AUTHOR Lou Crane
DATE Jul 2022
Imagine our NHS if there was one place for health care professionals to go to find out every detail of your health life from birth? It would mean a combined holistic approach to your needs rather than treating the body by its parts, better communication between different health trusts, no lost notes and better care for the more vulnerable people in our society who struggle to describe their ailments. Just imagine…that utopia is many decades away but for companies who aren’t tasked with the health of a nation, achieving connected systems is far more attainable.
But why bother…? Well, like the NHS, data is the key to improving its service. Through data you are able to understand what is working well, maintain a standard and work to improve what is lacking. Sounds simple, but as a business grows and it ages and there are legacy systems sitting next to hybrid solutions, not to mention the paper files (yes, offices are still full of paper), it becomes more difficult to a) find what you need, b) understand what you’ve been given and c) impossible to share in a safe and efficient way.
And the more a business adds a solution to all its other solutions, you become less able to see the problem. Often, the perceived problem isn’t really a problem at all, it’s the process that occurs 15 steps along the factory line, or it’s the lack of visibility on an order progression or a shipping document doesn’t match the invoice document. The root cause will often recur, leaving the issue to remain and as more people use the system, the more its impact intensifies. But if we take control of the independent systems, we take control of the business.
Creating structure for a business takes skill and isn’t always best solved by the person or people who run the operations on a daily basis. Notice we’re talking specifically about a structure for the business, then layering the software systems on top. Never use a piece of software to guide the business architecture. This is a common error when a business owner will look for the software that will ‘track project management’. They find that the software doesn’t quite mirror the way they need to run their process, so they adapt and add a workaround, find they can’t leverage all the functionality and are unable to integrate where needed. Building the right foundations from the ground up, creates a solid base for your growing organisation and connecting and linking independents, brings all your valuable data into one place.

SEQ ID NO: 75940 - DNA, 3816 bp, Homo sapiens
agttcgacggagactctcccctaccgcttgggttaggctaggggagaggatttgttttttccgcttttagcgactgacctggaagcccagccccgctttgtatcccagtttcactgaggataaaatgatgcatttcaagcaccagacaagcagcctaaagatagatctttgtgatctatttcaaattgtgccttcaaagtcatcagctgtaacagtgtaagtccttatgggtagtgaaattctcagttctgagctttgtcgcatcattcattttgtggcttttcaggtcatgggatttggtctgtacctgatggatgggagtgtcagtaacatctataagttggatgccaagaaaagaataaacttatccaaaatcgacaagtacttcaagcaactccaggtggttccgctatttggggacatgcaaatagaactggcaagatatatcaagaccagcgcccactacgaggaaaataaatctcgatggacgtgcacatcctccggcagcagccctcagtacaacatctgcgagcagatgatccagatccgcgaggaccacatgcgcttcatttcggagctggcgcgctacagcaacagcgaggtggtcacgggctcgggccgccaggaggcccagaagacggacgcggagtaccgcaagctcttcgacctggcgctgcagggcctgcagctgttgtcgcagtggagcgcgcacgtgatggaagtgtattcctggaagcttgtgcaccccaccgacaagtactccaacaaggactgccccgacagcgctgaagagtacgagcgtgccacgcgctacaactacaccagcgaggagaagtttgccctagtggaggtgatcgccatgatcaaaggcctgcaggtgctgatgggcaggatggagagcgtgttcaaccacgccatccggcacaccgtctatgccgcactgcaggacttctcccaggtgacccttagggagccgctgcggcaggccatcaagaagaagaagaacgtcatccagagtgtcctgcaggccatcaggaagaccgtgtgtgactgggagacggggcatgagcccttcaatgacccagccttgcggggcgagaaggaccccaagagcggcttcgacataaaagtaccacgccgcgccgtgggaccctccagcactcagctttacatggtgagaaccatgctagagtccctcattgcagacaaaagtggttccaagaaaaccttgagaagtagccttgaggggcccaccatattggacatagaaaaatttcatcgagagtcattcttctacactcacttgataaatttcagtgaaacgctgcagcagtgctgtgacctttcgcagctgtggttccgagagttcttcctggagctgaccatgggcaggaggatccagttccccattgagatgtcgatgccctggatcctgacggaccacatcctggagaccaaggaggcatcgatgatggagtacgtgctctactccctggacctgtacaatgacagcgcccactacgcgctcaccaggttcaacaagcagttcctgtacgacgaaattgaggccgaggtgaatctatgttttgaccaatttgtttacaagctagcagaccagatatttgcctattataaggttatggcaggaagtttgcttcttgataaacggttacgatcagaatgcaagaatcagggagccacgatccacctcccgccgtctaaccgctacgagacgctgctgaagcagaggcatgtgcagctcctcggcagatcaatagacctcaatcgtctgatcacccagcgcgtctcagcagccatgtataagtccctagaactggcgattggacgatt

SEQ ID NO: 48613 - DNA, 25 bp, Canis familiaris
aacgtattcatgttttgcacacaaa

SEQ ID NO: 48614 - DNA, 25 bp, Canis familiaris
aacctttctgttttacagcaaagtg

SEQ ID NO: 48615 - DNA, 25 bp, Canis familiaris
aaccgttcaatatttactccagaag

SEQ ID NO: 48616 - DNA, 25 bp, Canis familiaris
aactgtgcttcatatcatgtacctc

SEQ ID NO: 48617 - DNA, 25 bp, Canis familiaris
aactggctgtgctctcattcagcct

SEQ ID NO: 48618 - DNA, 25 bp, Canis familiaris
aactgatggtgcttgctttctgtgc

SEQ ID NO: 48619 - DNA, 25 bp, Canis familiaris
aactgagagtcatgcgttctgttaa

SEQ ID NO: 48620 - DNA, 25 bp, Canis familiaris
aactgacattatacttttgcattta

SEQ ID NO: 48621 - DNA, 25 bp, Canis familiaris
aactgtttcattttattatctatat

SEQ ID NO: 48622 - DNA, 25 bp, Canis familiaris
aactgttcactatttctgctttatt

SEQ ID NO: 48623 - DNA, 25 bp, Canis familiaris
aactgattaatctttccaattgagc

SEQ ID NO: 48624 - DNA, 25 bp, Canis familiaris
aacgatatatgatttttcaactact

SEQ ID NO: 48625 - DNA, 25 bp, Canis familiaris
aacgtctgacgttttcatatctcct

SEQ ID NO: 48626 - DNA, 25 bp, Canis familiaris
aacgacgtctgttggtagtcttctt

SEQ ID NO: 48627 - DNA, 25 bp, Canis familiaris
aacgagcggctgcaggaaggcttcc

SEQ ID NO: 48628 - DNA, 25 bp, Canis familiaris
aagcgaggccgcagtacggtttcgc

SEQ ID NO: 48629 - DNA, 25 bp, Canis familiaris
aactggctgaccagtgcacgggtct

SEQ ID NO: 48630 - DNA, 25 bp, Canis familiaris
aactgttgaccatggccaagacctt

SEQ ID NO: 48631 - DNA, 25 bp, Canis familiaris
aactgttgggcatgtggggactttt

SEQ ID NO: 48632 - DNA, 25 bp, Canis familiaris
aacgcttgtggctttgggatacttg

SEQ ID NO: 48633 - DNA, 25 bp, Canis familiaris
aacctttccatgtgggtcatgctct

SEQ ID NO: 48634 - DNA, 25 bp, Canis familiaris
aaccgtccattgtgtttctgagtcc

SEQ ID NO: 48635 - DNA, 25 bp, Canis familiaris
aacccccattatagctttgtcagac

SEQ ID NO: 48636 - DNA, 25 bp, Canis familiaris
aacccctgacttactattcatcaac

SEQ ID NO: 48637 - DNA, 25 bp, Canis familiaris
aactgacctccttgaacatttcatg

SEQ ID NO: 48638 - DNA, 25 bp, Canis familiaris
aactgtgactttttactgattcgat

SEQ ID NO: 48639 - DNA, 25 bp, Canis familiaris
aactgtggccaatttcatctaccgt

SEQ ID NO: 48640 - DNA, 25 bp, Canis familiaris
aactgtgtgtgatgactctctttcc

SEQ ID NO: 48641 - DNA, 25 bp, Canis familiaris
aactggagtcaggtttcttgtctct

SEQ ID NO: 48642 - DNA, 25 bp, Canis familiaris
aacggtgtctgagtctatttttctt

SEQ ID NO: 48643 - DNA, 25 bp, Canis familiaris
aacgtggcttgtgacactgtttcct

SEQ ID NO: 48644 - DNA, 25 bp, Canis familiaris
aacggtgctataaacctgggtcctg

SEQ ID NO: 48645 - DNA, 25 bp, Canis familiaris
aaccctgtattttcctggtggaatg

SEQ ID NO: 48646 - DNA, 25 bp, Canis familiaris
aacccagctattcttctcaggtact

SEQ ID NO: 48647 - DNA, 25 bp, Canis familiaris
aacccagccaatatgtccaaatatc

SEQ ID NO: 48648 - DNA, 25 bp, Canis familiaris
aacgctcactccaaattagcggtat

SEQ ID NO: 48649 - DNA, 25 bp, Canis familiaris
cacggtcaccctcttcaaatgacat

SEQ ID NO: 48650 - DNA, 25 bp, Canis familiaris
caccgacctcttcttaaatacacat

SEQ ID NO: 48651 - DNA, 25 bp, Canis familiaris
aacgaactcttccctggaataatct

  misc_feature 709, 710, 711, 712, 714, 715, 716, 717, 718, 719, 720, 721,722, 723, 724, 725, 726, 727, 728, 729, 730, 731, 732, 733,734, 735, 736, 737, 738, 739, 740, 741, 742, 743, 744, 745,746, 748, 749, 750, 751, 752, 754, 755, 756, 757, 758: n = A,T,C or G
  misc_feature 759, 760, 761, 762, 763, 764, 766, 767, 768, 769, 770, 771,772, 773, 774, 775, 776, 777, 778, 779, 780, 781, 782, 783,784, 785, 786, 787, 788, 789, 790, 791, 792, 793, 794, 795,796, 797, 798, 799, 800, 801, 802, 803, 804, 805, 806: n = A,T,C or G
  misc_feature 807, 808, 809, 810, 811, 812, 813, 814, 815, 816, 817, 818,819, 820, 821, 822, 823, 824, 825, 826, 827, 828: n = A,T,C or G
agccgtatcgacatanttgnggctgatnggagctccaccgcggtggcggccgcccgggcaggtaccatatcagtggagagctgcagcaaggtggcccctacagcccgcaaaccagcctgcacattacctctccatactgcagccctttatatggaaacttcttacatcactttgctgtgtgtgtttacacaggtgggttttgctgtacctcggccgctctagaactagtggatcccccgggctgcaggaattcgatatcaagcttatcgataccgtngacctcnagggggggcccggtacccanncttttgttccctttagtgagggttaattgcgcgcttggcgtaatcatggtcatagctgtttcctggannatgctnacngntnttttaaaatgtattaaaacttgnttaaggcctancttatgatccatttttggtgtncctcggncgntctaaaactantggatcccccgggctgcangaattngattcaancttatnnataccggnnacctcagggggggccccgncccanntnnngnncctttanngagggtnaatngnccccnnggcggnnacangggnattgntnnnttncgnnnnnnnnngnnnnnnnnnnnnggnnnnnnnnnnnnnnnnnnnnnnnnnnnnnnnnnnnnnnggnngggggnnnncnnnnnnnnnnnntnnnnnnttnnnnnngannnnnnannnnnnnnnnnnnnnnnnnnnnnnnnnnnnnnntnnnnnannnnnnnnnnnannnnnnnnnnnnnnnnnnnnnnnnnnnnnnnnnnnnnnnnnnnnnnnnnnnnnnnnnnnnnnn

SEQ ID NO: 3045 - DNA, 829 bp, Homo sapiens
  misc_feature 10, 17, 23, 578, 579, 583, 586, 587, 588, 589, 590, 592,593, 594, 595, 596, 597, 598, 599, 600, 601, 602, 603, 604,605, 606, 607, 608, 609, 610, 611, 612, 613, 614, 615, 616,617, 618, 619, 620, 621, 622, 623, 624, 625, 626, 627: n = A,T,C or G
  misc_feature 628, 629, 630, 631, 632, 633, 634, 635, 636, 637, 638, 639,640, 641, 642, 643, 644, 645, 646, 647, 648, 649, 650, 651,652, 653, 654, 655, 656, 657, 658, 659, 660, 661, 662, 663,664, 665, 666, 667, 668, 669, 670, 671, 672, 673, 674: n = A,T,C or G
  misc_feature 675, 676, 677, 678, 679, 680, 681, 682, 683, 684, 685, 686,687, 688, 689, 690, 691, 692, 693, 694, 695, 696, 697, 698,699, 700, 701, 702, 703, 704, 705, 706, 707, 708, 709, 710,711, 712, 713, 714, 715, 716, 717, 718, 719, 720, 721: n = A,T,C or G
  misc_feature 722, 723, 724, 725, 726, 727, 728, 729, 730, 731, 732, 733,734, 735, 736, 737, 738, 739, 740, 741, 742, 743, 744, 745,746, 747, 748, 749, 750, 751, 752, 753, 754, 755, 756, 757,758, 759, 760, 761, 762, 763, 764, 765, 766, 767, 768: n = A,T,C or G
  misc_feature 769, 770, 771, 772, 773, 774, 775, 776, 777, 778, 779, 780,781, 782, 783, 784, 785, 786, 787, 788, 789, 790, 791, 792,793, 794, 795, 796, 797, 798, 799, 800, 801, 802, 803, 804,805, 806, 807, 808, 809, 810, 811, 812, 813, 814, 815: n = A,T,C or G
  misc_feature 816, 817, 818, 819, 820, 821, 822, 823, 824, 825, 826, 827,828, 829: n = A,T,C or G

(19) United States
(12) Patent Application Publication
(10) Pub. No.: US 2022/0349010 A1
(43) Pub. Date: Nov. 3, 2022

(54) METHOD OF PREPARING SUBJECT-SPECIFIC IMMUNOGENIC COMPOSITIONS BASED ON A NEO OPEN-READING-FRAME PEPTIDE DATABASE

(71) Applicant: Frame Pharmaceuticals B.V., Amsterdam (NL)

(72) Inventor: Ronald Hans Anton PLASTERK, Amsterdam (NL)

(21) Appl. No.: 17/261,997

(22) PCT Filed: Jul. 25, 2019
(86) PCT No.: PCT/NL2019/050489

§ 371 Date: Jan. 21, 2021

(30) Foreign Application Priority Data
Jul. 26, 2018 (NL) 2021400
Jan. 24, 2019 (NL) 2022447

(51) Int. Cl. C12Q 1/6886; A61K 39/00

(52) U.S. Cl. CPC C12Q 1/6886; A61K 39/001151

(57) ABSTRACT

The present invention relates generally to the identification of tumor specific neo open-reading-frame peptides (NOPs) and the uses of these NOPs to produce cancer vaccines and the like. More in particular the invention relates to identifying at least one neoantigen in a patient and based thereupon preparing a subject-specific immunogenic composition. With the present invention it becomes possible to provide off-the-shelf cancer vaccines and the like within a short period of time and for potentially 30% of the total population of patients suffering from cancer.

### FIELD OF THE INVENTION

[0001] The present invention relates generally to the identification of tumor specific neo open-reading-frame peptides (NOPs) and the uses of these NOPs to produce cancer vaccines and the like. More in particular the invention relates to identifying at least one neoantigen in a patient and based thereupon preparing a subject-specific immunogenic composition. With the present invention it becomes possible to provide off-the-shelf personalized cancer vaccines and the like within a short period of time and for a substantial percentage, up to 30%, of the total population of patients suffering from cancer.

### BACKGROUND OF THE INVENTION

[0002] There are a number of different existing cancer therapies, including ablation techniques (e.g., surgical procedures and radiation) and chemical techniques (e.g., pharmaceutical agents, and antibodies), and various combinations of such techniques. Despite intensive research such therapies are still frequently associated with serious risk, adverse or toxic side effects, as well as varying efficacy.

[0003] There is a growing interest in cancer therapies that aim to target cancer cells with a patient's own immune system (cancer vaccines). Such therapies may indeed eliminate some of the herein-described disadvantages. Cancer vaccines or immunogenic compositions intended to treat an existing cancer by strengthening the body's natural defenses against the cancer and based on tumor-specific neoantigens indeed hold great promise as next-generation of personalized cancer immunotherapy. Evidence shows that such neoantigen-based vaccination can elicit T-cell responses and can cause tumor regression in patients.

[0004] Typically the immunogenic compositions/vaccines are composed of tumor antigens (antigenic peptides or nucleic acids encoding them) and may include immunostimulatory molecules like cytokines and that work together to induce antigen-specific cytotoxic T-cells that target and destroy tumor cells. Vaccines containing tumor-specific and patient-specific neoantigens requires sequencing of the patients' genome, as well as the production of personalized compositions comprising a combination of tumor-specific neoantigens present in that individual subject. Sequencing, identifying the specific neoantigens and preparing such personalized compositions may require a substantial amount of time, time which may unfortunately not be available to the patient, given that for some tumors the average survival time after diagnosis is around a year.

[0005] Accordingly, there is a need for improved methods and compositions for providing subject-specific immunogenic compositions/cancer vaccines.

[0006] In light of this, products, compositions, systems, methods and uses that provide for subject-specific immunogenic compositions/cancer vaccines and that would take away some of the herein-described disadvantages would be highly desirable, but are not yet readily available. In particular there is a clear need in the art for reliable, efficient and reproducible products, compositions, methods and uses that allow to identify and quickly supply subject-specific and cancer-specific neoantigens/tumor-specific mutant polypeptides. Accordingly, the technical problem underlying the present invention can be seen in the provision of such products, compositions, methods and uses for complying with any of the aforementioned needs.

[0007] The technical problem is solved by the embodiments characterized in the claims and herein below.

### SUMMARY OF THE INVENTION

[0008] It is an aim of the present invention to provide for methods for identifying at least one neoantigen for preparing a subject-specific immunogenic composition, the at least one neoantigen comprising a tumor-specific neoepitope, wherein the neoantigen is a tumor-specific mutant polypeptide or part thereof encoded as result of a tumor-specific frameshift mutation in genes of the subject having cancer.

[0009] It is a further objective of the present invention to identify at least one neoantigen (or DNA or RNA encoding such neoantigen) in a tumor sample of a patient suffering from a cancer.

Here are our top 7 system integration benefits:
- Reliable data that has come from one source
- Opportunity for deeper business analysis
- Decision making has its rationale in actual data
- Improved data security
- Much improved customer service through consistency
- Better cost efficiency by avoiding long sales cycles and service or product delivery
- Increased productivity through automation
Interestingly, although each business will have its own set of guiding principles for system integration, the outcome will always be the same: Quality.